The ‘Sex' and ‘Gender' Distinction

Topics: Gender, Sexual dimorphism, Gender studies Pages: 8 (2721 words) Published: June 5, 2005
This essay got an A- in a first year gender studies course

The ‘Sex' and ‘Gender' Distinction

For centuries, women have been subject to having their competence scrutinised, their mental processes challenged, their abilities questioned in western civilisation. In this essay, I will begin by giving some historical perspective to the scrutiny of women as it is important to know how it came to be that women have been seen as lower status when compared to men, eg. the ‘weaker' sex. Then discussion will focus on how grounds for and the implications of this history led to the necessary attempt at making a distinction by second wave feminists in the 1970's between the concepts of ‘sex' (or nature) and ‘gender' (or nurture) as they were known and used in the debate of human characteristics. Lastly, the focus will turn to how as influential as it was thought to be, as time passed there have been several problematic areas for this distinction.

Leading up to the line of distinction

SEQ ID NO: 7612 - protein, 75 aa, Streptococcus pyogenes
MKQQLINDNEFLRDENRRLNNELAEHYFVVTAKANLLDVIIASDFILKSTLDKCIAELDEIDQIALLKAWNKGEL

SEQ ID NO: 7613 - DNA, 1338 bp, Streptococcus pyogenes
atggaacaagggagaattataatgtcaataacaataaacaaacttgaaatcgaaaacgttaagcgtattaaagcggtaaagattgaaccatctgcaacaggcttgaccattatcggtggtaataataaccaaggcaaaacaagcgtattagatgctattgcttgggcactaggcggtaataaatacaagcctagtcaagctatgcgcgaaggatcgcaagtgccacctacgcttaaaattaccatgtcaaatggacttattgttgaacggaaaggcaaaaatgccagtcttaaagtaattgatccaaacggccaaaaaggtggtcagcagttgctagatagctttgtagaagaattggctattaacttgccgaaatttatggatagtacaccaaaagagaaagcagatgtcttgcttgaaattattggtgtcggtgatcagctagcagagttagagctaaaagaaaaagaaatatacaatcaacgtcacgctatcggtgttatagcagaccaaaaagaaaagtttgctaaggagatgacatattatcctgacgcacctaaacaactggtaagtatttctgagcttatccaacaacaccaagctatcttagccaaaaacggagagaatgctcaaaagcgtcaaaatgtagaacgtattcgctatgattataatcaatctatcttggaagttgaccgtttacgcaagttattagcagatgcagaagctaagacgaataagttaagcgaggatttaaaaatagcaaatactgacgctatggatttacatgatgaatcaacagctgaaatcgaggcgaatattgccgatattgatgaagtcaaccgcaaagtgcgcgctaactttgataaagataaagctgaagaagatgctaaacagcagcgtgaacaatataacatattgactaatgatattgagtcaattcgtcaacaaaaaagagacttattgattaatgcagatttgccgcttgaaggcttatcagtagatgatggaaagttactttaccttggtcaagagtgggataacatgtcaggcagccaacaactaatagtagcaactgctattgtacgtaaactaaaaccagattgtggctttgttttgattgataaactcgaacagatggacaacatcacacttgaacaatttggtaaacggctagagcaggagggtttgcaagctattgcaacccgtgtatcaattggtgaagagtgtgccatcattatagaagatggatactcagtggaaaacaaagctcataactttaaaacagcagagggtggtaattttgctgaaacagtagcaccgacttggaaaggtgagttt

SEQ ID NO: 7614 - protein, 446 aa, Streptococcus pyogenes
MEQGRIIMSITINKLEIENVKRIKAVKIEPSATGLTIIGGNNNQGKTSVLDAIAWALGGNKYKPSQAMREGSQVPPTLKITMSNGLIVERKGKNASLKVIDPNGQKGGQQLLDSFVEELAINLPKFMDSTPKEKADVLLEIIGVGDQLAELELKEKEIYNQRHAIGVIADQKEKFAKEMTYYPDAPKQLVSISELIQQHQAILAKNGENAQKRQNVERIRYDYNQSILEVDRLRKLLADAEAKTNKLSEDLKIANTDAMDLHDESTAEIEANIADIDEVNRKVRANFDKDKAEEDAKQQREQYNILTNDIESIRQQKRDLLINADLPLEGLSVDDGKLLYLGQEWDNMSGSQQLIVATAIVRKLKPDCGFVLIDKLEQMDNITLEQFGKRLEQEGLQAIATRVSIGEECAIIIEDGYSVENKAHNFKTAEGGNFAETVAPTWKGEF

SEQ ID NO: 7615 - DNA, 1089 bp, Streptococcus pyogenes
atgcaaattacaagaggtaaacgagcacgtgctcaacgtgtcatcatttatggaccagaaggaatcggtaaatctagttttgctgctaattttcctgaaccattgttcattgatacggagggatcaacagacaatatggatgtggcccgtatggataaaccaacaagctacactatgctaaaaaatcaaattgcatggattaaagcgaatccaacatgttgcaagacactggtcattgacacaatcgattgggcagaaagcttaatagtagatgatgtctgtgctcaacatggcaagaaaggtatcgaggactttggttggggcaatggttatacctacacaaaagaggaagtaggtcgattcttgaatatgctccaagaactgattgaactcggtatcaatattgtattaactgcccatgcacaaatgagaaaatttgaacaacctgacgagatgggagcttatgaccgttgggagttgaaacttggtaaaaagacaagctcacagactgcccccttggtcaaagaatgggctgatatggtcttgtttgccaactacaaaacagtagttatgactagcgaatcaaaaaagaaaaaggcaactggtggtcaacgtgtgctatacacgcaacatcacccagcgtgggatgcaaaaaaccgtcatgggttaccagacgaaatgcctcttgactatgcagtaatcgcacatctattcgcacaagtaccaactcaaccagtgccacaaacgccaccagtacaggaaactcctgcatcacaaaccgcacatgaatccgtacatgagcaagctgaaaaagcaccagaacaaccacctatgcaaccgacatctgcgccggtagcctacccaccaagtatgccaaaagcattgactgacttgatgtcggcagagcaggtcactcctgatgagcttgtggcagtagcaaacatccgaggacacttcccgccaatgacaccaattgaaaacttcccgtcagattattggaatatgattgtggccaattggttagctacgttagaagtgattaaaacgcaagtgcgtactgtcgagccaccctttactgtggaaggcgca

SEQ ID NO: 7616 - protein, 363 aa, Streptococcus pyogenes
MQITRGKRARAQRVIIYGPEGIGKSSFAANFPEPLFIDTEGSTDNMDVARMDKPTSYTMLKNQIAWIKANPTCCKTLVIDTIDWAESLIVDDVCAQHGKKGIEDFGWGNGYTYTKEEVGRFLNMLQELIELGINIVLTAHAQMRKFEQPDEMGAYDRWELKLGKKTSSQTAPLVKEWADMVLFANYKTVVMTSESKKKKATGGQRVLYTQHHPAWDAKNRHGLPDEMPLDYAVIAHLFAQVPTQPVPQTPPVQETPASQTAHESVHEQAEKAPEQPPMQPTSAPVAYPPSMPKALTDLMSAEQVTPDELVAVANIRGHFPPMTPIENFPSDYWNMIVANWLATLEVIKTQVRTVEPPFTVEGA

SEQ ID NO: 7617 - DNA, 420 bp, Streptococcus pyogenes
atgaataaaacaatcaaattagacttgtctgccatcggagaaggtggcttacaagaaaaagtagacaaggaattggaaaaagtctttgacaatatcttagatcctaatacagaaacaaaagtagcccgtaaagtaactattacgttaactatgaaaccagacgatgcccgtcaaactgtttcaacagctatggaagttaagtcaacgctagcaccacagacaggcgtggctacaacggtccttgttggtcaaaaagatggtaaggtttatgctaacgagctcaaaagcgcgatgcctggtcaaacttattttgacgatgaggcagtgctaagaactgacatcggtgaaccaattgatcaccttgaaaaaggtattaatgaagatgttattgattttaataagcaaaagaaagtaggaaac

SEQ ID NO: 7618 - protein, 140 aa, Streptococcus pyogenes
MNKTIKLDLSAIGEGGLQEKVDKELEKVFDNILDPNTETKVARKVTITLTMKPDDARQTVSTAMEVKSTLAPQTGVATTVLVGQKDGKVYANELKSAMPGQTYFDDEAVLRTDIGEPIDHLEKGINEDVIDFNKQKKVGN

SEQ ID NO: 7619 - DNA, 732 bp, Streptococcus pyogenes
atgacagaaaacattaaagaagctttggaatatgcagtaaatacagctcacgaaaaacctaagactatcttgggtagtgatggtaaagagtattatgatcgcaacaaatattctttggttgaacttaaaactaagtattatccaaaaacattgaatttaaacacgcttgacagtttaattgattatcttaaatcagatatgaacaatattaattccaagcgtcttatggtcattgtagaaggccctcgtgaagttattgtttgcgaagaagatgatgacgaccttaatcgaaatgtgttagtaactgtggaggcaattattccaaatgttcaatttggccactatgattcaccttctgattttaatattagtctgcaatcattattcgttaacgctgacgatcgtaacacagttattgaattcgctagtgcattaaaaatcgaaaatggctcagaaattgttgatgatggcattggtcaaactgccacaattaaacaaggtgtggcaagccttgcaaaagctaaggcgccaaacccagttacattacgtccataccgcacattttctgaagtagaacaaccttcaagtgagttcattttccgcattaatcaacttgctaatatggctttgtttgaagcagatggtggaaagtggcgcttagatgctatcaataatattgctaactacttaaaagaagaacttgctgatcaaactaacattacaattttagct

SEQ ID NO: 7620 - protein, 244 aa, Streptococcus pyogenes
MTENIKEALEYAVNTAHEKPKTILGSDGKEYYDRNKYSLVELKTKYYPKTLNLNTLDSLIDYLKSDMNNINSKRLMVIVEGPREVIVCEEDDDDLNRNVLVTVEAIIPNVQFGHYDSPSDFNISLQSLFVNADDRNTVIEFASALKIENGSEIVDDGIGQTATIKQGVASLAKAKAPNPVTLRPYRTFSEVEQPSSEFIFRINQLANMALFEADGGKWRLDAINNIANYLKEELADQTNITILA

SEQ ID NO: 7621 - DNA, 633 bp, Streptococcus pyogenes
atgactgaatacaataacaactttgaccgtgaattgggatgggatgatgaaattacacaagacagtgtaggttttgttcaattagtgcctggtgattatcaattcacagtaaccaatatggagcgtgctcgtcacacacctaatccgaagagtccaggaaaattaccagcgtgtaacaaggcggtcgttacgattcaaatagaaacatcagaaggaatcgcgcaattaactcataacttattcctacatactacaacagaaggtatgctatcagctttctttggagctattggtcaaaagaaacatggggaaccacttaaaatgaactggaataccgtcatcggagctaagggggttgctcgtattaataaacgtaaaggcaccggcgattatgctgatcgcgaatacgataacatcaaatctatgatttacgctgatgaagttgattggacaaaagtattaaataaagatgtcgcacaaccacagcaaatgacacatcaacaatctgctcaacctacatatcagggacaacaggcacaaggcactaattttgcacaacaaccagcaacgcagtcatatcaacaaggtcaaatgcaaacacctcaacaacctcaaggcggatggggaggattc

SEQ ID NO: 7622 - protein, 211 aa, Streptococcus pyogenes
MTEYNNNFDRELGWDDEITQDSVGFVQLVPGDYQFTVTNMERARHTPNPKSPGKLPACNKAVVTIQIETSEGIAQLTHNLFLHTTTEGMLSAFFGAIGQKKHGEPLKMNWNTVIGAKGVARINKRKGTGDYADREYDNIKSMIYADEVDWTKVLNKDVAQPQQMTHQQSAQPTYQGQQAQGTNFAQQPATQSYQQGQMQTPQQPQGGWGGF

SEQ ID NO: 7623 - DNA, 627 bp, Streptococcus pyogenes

Prior to the 18th century, women and men were not thought to be biologically different. Thomas Laquer noted that genitalia were seen to be structurally the same, just a matter of whether it was all inside or outside of the body. But, because men were the writers of historical documents, we have little knowledge of what women thought about the world. The absence of their voices may have assisted in leading to the one-sided argument, which helped form the one-sided power structure between males and females. Michael Foucault supposes it was in the late 17th century that that the beginnings of dichotomised views of the sexes were implemented. During the plague, reorganisation of cities into of sick and healthy, able and disabled, moral and nonmoral, was mandated to protect the wellbeing of the unaffected population. (General Introduction to Theories, Postfeminism p. 94) This led to science and medical arenas taking dichotomy into shape that would eventually spread into broad categorisations and generalisations of individuals according to sex and later to race and even somewhat into religious sects. Fears about class and empire were rocked when women began to question loudly the attitudes towards themselves and other victims of the ‘knowledge' of science. Values such as ‘equality, fraternity and liberty' of the enlightenment era brought about an uprising to many issues including women's rights, social class and race as well. (General Introduction to Theories) The power struggles that apply to gender are not new. Power has it's application throughout much of history as various groups in the name of ‘colonialization' have taken up most of the world leaving native people and the land on which they lived raped and forever changed. Also applied, it has been used in conjunction with badly misused science, medicine and statistics against our very own. (Sex on the Brain, p. 261, Deceptive Distinctions, p. 35, Statistics for Psychology, p. 178) By the 19th century, however, norms had continued to set in place and were consistently enforced through assigned roles and public ceremonies and a sort of peer pressure and peer monitoring. Female-bodied persons were stereotyped to be passive and male-bodied aggressive. Coupled with a long list of other characteristics, femininity and masculinity began to take their opposite corners. Settling in to become all so seemingly natural. (General Introduction to Theories) Once these sort of pervasive patterns and agendas set into society, language in the form of terminology and phrases begins to assist in perpetuating the rumours and beliefs. Stereotypes and generalisations seem easily allowed to run rampant somehow in a society. What does seem to be natural to the human race is desire to conform and be accepted by our peers…the wish to be ‘normal'. In following through with the theme of dichotomy, public and private spheres, along with normal and non-normative, were taking place. As it had already become, women worked...

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